A good library day–and salmon stories

Fishing at Celilo; Railroad Bridge in background

Thursday, June 7.  A call from the newspaper editor: He’d looked at the current exhibit on dams and salmon and attended Bobbie Conner’s talk at the opening on Sunday. “So when,” Paul asked, “did the biologists really figure out the migration patterns of salmon?”

Fortunately, I had a handy timeline put out by the Native Fish Society, describing the decline of Columbia River salmon from 1779 to present, which told the story of early scientific opinion: Pacific salmon don’t pay attention to natal streams, but randomly find rivers to swim and nesting gravel in which to deposit and fertilize their eggs. The result of such thinking—and it persisted well into the 20th century, was that man could outdo nature, could build hatcheries and hatch fish faster than Columbia River canneries could harvest and process them.

“Got it, Paul,” I said, and emailed him the timeline. He was grateful. The answer to his question, Read The Article

Dams, Fish, Controversy–June events!

If you are “in the territory” in June!

Salmon talk—and controversy—today is about “spills” on Columbia and Snake River dams to help push salmon smolt to the sea.  Fifty and sixty years ago it was about getting salmon upriver to native spawning grounds.

The June exhibit at the Josephy Center, funded in part by a “Arts Build Communities” grant from the Oregon Arts Commission, opens on Saturday, June 2 at 4:00 p.m. It builds on one that Tamástslikt Cultural Institute on the Umatilla Reservation did last year on Celilo and the dam at The Dalles. They called it “Progress vs. Protest,” and told stories of the economic and energy gains—and the losses of fish and Indian culture on the Big River. In planning this exhibit, Tamástslikt Director Bobbie Conner suggested that we localize, with stories of the dam at Wallowa Lake and the High Mountain Sheep Dam—the one that did not get built—joining text and photos from Celilo.

Wallowa Lake
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African-Americans and Indians

Two weeks ago, friend Anne Richardson arranged a discussion of Daniel Sharfstein’s book on Chief Joseph and General Howard, Thunder in the Mountains, at Portland’s Black Hat Books.  And this week, on Thursday, 14 of us from Wallowa County spent the day with Director Bobbie Conner and her staff at the Tamástslikt Cultural Institute on the Umatilla Reservation. The story of the gathering of tribal history of the Cayuse, Umatilla, and Walla Walla—indeed of all the related Plateau tribes—and the skill and pride with which it is displayed and used to teach new generations of Indians, is inspiring.

In the end, the two experiences help me understand what my mentor Alvin Josephy called the miracle of Indian survival, and something of the big and small differences between Euro-American treatment of African slaves and indigenous Americans.

Sharfstein teaches history and law at Vanderbilt University, and is steeped in the Civil War and Reconstruction. The short version of his book is Read The Article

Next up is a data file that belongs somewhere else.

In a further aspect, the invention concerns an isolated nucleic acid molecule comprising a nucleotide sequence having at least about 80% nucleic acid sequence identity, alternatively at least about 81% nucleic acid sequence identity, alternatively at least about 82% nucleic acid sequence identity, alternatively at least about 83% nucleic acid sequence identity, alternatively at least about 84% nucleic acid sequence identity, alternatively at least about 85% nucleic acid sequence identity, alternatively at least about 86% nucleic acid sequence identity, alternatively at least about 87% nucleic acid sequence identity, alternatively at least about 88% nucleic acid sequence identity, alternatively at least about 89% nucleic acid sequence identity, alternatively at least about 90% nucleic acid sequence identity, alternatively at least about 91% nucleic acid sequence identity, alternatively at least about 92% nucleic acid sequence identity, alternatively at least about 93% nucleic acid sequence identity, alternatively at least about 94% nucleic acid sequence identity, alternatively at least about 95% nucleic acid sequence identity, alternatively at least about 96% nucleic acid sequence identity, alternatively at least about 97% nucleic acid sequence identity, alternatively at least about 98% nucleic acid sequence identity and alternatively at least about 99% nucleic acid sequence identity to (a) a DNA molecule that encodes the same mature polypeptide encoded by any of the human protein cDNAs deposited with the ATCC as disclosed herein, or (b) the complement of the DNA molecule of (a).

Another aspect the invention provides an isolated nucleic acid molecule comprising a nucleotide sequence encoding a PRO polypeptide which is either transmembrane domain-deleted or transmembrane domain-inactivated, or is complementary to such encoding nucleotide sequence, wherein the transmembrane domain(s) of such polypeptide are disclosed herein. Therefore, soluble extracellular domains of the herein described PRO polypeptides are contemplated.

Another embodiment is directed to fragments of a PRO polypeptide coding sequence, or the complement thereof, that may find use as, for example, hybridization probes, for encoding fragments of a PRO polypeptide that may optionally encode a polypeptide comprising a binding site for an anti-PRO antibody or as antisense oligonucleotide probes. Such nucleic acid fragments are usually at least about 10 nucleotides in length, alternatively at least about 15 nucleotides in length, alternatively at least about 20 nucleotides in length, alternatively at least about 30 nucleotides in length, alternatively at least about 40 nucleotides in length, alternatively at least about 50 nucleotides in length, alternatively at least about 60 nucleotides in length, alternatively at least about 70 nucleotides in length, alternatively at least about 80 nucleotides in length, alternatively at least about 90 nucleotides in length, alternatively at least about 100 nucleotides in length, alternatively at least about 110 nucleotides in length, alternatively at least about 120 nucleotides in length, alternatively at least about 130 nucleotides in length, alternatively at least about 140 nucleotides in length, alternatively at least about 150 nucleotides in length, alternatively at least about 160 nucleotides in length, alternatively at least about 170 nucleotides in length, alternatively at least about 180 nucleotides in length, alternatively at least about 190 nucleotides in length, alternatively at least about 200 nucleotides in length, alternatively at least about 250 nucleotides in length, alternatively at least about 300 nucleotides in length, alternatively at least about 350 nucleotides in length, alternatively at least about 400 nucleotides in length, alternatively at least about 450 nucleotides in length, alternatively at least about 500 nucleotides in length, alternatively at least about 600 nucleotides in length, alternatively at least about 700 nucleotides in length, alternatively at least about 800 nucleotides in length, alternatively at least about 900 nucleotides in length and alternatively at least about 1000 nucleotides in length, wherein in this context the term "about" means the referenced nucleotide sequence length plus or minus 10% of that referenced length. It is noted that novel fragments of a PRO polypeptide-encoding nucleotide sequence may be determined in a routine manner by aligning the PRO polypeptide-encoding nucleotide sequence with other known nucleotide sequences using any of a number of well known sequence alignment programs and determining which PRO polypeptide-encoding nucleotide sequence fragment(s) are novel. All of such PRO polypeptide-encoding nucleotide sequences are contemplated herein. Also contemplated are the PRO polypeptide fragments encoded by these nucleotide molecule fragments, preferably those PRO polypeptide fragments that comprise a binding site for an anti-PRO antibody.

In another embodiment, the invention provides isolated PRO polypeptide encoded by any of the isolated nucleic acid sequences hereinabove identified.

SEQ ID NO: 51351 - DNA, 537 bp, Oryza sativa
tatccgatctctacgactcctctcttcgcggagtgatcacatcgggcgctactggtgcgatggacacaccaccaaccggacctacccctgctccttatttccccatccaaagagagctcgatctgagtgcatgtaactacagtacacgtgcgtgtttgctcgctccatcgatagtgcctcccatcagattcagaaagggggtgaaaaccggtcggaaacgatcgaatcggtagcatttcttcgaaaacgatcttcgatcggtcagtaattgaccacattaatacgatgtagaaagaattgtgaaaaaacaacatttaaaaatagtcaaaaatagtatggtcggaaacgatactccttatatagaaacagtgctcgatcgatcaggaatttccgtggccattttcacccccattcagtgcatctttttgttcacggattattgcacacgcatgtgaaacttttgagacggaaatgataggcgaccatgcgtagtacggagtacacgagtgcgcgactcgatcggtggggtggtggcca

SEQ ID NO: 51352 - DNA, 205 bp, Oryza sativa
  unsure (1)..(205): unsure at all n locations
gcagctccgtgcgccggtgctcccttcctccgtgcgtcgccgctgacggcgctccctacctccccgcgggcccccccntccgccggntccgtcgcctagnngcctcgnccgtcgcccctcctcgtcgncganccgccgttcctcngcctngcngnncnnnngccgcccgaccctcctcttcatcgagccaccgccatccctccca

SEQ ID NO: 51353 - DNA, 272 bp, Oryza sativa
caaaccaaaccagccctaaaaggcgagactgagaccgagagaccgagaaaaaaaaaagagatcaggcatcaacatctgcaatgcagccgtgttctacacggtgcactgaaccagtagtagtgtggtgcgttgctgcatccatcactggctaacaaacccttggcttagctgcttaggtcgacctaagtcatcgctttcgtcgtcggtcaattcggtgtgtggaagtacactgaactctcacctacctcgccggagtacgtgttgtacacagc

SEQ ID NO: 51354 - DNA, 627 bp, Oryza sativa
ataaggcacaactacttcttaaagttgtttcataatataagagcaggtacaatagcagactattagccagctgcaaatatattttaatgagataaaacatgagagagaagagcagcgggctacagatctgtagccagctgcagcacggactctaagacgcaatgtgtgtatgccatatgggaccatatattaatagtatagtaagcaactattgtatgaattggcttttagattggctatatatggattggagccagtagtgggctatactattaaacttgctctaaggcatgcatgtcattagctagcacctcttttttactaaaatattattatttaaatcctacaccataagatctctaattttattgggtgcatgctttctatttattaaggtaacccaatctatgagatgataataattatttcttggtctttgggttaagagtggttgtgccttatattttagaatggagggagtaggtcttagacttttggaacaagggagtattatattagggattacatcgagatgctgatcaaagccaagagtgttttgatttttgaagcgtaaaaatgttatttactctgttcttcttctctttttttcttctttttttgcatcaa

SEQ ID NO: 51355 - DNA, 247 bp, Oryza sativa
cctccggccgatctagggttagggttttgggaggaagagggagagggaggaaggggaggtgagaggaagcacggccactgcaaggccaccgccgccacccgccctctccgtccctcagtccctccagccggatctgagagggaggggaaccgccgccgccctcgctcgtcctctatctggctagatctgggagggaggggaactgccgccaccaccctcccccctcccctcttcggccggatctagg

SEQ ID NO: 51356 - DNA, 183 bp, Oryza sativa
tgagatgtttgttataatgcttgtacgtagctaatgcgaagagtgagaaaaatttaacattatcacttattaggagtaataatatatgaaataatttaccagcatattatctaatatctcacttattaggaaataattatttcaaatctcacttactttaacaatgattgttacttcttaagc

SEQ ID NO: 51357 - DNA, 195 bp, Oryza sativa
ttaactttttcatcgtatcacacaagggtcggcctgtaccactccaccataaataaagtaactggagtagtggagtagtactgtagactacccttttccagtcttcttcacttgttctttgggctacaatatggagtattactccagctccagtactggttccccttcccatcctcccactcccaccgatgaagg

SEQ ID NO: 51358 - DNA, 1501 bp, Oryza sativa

Alvin Josephy, the Listening Man

Gordie High Eagle, Millie Zollman, Albert Barros 

On Sunday at the Josephy Center we honored Alvin with Nez Perce drums and talk and a new exhibit highlighting some of the milestones in his life. This all followed the opening of a splendid Nez Perce Art Show. The show, mounted in celebration of the Nez Perce National Historical Park’s Fiftieth Anniversary, features art that tribal members make for each other—the buckskin shirt, cornhusk bag, moccasins, beaded horse regalia and headdresses worn for ceremony and parade. It’s here for June, then goes to the History Center in Lewiston, Idaho.

The Josephy exhibit stays put!

And, it seems to me, the story it tells—and the honoring of him on Sunday made this explicit—is that Alvin Josephy was a “listener.”

Bobbie Conner, the director of the Tamástslikt Cultural Institute on the Umatilla Reservation, spoke emotionally about conversations between her grandfather and Alvin in the 50s and 60s. Alvin, she said, listened to Indians, and Read The Article

Bobbie Conner new Board Chair at NMAI

Some of you might have already heard, but it is worth repeating! Roberta “Bobbie” Conner is the incoming Chair of Board of Trustees of the Smithsonian’s National Museum of the American Indian. She has been on the Board since 2008, co-facilitated a Tribal museum directors meeting at NMAI in January, and will chair her first Trustees meeting February 9 and 10 in Washington D.C.

I have known Bobbie primarily through working on the Nez Perce Homeland project in Wallowa, where she and I are still board members. But she also gave a lecture on “Lewis and Clark through Indian Eyes” at Fishtrap, and she was in fact one of the writers in Alvin’s last book, the one he and Marc Jaffe edited called Lewis and Clark through Indian Eyes. And I had the great good fortune to work with Bobbie, Alvin, Cliff Trafzer, other historians and Tribal elders and editor Jennifer Carson on Wiyaxayxt / Wiyaakaaawn / As Days Read The Article